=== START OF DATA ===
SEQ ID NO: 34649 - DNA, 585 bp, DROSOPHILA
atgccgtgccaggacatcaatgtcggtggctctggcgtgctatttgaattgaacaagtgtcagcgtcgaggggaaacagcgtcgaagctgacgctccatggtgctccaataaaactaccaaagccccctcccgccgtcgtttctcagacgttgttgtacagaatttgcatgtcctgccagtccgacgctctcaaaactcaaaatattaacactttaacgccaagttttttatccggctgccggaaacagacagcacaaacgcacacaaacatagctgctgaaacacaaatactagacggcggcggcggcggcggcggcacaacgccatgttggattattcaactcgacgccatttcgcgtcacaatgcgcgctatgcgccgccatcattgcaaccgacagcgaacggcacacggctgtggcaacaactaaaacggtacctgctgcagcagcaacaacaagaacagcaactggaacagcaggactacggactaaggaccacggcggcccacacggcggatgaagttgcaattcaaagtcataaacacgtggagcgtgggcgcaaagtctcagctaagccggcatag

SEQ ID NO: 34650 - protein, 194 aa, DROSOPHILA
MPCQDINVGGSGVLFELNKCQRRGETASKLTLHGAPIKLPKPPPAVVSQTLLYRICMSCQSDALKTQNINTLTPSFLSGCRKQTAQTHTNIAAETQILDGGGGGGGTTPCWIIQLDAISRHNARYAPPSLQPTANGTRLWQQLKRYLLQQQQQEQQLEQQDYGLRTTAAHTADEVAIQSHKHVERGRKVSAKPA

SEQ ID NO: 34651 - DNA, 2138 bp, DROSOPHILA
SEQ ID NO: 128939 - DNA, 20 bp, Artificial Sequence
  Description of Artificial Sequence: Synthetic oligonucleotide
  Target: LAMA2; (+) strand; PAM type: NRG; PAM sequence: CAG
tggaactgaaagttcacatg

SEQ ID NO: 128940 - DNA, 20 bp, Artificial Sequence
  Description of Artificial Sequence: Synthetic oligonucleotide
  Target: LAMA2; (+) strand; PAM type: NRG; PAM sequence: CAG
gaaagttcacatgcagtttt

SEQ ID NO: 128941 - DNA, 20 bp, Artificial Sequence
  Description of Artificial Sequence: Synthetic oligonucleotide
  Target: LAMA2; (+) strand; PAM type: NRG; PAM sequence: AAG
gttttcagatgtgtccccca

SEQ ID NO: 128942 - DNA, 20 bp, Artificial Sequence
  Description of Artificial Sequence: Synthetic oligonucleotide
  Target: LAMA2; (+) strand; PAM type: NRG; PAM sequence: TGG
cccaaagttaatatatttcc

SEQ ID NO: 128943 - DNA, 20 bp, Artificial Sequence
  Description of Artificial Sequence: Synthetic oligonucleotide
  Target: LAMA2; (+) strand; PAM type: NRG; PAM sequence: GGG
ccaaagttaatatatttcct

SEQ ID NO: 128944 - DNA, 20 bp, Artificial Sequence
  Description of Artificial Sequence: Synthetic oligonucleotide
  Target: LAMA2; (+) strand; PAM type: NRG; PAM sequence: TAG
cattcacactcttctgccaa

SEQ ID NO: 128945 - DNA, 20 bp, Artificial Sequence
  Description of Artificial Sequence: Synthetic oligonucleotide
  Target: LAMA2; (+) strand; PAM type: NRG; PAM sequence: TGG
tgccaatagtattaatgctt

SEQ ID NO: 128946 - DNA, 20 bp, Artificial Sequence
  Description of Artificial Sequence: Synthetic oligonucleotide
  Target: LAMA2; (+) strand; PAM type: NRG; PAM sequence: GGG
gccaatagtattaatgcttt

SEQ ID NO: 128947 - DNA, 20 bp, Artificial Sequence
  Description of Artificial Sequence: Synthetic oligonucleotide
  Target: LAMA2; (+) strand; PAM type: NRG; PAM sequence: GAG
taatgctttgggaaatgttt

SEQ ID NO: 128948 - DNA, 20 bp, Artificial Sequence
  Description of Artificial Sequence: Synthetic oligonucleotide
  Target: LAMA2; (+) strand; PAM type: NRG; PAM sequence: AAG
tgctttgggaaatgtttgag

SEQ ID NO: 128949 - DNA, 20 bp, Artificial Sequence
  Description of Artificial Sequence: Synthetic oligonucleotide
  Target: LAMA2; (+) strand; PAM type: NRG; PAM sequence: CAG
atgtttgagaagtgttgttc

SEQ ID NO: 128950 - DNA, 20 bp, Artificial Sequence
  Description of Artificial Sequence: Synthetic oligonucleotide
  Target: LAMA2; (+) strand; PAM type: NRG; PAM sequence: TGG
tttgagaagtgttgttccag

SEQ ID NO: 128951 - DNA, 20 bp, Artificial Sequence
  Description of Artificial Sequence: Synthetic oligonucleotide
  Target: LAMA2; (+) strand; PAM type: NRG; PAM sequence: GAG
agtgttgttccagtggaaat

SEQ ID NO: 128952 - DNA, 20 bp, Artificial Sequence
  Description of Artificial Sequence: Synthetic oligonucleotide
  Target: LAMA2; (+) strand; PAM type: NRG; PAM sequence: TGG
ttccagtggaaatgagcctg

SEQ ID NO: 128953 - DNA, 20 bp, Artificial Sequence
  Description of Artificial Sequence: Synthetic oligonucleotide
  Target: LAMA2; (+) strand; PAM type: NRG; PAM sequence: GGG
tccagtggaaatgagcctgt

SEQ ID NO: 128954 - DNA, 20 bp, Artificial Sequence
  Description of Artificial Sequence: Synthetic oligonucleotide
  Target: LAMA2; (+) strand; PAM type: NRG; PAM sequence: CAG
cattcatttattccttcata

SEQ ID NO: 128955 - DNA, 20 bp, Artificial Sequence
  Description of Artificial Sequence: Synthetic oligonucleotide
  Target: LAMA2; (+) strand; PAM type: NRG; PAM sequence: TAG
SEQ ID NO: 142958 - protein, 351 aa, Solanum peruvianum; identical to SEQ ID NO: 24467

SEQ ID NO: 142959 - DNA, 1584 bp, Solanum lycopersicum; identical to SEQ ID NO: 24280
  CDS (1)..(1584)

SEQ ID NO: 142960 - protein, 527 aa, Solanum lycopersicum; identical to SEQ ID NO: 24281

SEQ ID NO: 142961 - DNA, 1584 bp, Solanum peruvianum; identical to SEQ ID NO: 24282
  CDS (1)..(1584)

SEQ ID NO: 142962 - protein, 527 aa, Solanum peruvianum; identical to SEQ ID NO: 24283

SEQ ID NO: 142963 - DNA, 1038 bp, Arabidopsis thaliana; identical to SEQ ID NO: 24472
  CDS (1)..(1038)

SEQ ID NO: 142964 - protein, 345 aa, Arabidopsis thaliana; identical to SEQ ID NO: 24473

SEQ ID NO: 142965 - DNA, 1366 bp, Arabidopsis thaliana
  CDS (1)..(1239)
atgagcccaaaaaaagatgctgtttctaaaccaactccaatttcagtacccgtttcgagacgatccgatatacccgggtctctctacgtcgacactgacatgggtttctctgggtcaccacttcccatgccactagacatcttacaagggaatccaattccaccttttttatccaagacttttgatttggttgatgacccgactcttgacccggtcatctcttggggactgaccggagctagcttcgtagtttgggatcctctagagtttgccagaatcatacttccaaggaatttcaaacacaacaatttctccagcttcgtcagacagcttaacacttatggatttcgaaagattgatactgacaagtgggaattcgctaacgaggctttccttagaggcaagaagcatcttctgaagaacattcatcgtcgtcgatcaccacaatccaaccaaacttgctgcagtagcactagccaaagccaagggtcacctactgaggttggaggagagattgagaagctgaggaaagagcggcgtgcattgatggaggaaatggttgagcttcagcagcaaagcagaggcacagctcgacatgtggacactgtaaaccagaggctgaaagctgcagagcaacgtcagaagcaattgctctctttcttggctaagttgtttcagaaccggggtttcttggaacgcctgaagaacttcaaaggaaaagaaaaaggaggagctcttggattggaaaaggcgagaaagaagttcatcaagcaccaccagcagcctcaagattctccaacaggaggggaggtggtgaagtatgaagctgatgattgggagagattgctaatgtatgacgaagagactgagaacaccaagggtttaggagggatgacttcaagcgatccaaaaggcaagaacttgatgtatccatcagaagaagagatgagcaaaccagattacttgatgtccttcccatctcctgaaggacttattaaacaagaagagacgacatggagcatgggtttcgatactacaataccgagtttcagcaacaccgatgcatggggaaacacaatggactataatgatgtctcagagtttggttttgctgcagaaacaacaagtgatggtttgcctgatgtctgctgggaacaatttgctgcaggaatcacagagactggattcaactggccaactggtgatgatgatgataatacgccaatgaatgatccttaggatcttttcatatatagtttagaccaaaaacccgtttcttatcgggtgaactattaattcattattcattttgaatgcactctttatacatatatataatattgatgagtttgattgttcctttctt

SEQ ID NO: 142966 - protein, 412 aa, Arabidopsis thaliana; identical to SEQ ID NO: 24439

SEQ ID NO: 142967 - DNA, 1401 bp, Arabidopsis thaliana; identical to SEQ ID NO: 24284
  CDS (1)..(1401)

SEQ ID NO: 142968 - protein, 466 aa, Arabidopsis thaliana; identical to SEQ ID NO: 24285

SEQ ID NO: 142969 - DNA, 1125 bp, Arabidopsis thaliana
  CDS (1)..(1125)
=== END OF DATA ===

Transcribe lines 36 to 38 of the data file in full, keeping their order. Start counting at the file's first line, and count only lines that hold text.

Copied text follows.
  Target: LAMA2; (+) strand; PAM type: NRG; PAM sequence: GGG
gccaatagtattaatgcttt

SEQ ID NO: 128947 - DNA, 20 bp, Artificial Sequence